Quote:
Originally Posted by Nick
This is a common complaint, usually refuted by an appeal to advanced mathematical statistics

As an expert in advanced mathematics
, the
binomial test for 26 failures out of 335 at 4% failure rate gives a onesided
pvalue of 0.00114. This means that you can expect to observe 26 or more failures about 0.11% of the times.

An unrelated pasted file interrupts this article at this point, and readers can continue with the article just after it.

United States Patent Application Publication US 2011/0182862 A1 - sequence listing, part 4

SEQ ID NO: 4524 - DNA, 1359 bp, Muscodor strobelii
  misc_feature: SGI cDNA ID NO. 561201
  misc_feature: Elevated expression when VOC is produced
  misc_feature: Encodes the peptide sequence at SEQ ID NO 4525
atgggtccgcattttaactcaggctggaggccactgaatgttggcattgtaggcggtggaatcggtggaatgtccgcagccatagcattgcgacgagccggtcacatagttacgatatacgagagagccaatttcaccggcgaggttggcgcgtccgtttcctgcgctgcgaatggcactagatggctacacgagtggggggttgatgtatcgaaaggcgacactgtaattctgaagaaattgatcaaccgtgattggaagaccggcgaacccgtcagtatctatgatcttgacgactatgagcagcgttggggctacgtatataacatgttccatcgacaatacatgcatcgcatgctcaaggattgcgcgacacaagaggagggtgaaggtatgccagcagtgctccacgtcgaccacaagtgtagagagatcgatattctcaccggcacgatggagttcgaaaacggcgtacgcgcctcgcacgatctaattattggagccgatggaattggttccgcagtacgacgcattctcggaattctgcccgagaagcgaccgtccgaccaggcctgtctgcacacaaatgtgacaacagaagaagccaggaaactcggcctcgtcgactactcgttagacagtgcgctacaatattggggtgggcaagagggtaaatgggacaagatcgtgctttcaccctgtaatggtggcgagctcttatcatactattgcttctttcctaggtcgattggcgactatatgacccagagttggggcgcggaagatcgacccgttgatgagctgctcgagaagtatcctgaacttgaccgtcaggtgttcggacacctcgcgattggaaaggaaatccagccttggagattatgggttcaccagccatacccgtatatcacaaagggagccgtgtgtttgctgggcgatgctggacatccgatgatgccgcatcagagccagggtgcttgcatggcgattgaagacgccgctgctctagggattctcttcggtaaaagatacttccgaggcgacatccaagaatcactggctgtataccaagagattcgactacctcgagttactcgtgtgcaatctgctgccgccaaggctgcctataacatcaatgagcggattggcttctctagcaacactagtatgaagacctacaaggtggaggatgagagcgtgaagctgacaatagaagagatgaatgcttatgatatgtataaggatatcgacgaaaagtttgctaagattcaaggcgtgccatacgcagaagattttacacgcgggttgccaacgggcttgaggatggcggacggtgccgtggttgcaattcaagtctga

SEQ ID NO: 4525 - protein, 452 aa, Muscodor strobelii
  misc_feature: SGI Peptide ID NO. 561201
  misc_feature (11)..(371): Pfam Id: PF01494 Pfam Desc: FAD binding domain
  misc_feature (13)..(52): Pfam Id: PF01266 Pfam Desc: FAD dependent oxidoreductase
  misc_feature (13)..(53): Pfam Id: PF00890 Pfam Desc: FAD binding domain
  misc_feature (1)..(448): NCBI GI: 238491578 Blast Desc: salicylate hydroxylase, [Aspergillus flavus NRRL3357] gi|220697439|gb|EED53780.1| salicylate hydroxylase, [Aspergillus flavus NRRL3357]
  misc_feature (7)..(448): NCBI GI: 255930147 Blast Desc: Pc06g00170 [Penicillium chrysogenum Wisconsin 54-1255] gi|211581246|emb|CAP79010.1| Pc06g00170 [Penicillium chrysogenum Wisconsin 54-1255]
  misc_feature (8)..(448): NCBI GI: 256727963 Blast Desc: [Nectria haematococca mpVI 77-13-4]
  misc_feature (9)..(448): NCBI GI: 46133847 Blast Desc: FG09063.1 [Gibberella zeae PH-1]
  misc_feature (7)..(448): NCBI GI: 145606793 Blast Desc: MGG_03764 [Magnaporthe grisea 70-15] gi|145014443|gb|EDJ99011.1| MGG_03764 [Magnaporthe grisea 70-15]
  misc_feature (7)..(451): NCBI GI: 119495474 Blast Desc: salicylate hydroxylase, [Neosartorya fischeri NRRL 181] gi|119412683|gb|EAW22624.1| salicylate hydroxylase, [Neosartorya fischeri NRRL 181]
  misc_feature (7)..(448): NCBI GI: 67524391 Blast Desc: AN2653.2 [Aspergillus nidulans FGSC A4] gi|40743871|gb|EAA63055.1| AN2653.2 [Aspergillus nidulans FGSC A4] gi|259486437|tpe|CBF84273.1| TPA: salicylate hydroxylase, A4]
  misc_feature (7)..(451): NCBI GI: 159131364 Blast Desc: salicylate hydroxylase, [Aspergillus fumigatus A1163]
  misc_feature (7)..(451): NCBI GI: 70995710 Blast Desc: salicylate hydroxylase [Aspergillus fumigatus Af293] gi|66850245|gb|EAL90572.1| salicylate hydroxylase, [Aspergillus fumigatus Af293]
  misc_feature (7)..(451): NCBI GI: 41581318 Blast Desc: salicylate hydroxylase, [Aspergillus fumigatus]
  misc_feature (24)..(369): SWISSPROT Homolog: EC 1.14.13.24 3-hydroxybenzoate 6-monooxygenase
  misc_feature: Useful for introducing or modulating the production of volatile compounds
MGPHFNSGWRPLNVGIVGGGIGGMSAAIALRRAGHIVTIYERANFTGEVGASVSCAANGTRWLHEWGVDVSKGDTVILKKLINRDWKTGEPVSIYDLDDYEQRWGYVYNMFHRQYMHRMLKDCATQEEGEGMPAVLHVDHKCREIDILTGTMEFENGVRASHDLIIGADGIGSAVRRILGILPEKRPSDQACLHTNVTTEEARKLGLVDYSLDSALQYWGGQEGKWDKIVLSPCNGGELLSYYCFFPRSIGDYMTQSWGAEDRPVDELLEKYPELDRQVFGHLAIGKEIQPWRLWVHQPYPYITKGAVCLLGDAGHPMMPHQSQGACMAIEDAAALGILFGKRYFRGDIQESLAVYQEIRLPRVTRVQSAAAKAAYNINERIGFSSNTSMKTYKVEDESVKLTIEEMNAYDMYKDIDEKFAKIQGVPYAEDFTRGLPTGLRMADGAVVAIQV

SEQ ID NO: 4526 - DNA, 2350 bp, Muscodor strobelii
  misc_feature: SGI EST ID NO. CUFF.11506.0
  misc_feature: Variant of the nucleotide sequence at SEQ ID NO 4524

Usually, in a single, nonrepeated experiment, a result is considered statistically significant if the pvalue is 0.05 or below. So yes, that seems a statistically unusually high failure rate, and worth investigating. There is usually a reporting bias, in that only 'unusual' results get reported to the devs, so the best thing would be collecting completely new data to test it.